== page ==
Have you ever wondered about the connection between your gut and your respiratory system? It turns out that the microbes in your gut play an important role in your respiratory health. And that’s where probiotics come in.
Probiotics are live microorganisms that provide numerous health benefits when consumed in adequate amounts. They are commonly found in fermented foods like yogurt, kefir, kimchi, and sauerkraut, as well as in supplement form. Probiotics are known to improve gut health and boost the immune system, but their benefits extend beyond the gut.
Recent research suggests that probiotics can help prevent and treat respiratory infections, asthma, and allergies. In this blog, we’ll explore the link between probiotics and respiratory health and how you can incorporate them into your diet to support your lung function.
How Probiotics Affect Respiratory Health
The respiratory tract is a complex system of organs and tissues that work together to allow us to breathe. It includes the nose, throat, larynx, bronchi, and lungs. These organs are home to a diverse community of microorganisms, known as the respiratory microbiome. Like the gut microbiome, the respiratory microbiome plays a crucial role in maintaining our health.
Research shows that the respiratory microbiome is influenced by the gut microbiome. When the gut microbiome is disrupted, it can affect the respiratory microbiome, making us more susceptible to respiratory infections and diseases.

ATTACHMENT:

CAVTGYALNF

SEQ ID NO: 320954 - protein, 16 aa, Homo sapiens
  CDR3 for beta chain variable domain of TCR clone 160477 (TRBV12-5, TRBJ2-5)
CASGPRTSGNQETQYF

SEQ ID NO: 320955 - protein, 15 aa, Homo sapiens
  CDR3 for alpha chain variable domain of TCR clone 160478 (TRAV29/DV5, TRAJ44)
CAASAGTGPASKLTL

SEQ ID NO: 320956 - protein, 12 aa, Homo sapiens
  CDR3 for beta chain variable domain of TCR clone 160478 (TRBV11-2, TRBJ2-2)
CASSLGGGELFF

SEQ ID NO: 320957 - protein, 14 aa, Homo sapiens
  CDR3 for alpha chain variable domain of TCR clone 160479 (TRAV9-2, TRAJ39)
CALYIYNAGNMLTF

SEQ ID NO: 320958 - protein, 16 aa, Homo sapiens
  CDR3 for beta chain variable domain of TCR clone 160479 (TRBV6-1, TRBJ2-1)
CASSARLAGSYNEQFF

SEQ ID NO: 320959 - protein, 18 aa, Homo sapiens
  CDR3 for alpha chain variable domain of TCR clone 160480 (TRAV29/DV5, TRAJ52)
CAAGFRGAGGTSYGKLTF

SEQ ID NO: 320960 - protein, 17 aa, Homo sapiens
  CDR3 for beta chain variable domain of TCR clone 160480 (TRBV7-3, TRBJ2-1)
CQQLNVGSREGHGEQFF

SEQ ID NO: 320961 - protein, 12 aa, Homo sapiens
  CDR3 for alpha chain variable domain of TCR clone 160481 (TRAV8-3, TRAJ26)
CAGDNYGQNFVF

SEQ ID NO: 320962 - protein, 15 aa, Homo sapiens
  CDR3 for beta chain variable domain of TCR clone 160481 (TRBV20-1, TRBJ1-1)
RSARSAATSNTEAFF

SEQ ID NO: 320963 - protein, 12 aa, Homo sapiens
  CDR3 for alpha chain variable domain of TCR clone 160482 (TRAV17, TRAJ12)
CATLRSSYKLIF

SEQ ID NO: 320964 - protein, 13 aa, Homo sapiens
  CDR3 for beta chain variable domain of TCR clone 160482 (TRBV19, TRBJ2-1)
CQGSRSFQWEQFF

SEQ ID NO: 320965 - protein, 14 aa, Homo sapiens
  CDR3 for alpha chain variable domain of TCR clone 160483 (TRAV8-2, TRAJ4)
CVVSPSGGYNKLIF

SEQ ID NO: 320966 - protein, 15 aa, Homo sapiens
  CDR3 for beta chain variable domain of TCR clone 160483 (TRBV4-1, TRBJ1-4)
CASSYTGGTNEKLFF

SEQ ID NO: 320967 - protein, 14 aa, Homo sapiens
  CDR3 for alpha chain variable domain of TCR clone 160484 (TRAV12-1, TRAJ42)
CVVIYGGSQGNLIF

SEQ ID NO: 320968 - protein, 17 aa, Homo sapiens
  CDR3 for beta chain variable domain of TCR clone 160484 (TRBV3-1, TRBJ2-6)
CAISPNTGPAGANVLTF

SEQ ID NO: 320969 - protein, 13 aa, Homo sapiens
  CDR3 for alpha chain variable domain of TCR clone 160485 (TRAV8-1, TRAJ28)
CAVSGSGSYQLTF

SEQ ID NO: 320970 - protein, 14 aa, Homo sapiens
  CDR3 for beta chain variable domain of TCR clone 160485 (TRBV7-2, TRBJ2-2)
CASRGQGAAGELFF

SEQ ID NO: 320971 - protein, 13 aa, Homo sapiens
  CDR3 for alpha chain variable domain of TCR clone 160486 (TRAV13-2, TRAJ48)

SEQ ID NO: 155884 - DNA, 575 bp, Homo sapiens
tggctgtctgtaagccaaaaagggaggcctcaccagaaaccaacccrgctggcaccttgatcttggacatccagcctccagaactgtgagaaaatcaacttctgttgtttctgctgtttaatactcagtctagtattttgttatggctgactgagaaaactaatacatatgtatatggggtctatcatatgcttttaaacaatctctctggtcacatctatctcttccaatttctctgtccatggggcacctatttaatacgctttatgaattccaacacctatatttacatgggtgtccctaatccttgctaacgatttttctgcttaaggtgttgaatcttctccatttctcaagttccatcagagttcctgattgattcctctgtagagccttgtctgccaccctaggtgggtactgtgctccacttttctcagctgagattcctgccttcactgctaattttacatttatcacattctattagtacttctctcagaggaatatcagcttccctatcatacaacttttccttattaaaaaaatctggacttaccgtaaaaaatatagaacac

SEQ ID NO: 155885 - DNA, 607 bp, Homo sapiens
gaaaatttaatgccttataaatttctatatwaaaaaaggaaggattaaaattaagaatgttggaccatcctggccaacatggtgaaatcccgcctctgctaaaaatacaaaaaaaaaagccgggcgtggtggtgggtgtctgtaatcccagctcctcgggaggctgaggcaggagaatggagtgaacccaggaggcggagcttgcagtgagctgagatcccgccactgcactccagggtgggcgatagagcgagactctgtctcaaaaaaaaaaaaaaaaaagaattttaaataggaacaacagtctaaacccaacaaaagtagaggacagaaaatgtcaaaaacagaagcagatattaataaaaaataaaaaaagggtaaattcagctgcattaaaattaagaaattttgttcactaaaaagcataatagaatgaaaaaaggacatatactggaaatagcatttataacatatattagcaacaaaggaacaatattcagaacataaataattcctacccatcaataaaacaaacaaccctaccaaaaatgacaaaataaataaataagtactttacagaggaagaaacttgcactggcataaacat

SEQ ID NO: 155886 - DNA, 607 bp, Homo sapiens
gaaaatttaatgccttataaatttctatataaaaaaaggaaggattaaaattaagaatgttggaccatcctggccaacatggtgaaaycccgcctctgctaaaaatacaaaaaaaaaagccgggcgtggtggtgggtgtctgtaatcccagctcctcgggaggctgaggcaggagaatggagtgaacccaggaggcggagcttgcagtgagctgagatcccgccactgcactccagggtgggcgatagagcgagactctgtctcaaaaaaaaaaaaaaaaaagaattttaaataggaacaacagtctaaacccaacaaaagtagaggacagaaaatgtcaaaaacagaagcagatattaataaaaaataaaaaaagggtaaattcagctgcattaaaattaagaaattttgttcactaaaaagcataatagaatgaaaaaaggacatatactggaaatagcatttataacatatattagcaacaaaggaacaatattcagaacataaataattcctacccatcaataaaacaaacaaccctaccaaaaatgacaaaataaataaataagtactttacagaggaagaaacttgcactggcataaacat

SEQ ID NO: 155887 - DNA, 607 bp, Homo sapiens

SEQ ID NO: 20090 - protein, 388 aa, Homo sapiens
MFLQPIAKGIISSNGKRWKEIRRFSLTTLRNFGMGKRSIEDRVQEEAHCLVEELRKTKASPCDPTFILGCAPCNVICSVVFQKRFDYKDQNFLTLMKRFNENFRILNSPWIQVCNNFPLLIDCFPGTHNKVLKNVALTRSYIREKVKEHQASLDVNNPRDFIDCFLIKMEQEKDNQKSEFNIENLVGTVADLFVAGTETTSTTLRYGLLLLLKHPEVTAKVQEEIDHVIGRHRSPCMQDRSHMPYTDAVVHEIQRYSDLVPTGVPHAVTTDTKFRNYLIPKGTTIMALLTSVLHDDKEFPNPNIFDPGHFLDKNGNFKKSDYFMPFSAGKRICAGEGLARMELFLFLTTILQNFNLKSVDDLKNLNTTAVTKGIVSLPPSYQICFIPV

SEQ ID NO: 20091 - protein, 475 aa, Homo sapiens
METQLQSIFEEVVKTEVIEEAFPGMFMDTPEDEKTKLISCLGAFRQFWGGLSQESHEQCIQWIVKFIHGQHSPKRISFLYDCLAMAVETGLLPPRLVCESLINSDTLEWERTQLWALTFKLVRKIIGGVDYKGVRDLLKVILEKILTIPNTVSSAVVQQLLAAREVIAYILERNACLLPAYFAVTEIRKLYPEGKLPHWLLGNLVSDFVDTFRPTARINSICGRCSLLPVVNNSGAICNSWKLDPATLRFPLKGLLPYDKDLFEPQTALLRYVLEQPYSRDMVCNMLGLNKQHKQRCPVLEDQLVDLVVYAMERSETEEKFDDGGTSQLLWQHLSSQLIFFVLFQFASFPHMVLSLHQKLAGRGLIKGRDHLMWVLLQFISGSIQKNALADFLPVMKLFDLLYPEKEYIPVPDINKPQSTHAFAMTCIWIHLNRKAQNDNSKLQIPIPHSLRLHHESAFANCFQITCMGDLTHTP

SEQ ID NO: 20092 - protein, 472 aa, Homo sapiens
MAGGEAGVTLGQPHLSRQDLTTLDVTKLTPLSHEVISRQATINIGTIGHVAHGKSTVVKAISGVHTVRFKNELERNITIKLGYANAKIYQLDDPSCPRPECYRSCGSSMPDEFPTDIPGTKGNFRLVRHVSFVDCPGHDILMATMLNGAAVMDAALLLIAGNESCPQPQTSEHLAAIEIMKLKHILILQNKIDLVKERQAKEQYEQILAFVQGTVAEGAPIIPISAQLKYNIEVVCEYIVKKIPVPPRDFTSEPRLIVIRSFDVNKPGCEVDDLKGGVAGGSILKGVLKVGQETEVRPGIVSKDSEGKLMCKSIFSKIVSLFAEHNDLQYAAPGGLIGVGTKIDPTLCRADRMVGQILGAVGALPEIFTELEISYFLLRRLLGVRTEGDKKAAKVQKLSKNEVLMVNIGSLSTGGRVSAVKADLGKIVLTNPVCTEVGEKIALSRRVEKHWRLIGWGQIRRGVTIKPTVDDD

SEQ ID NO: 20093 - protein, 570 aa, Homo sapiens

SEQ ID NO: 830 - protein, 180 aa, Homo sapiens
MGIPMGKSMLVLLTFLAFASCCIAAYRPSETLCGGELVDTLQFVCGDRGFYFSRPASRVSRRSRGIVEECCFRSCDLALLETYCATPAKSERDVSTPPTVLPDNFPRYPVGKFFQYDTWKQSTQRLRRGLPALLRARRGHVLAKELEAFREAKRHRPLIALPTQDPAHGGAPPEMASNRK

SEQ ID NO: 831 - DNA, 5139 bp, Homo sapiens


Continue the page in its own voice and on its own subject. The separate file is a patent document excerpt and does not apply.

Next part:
Probiotics can help maintain a healthy gut microbiome, which in turn supports a healthy respiratory microbiome. Studies have shown that probiotics can reduce the risk of respiratory infections, improve lung function, and alleviate symptoms of asthma and allergies.
Probiotics and Respiratory Infections
Respiratory infections, such as the common cold, flu, and pneumonia, are caused by viruses or bacteria that infect the respiratory tract. They can be highly contagious and can spread easily from person to person.
Several studies have shown that probiotics can help prevent respiratory infections by boosting the immune system. A review of 14 randomized controlled trials found that probiotics reduced the incidence and duration of respiratory infections in children and adults. Another study found that probiotics reduced the risk of upper respiratory tract infections in marathon runners.
Probiotics can also help treat respiratory infections by reducing inflammation and promoting the growth of beneficial bacteria in the gut and respiratory tract. A study of patients with chronic obstructive pulmonary disease (COPD) found that probiotics reduced the frequency and severity of exacerbations, or flare-ups of symptoms.
Probiotics and Asthma
Asthma is a chronic respiratory disease characterized by inflammation and narrowing of the airways. It affects more than 300 million people worldwide and is a leading cause of morbidity and mortality.
Research suggests that probiotics can help alleviate symptoms of asthma by reducing inflammation and regulating the immune system. A review of 20 randomized controlled trials found that probiotics improved lung function and reduced asthma symptoms in both children and adults.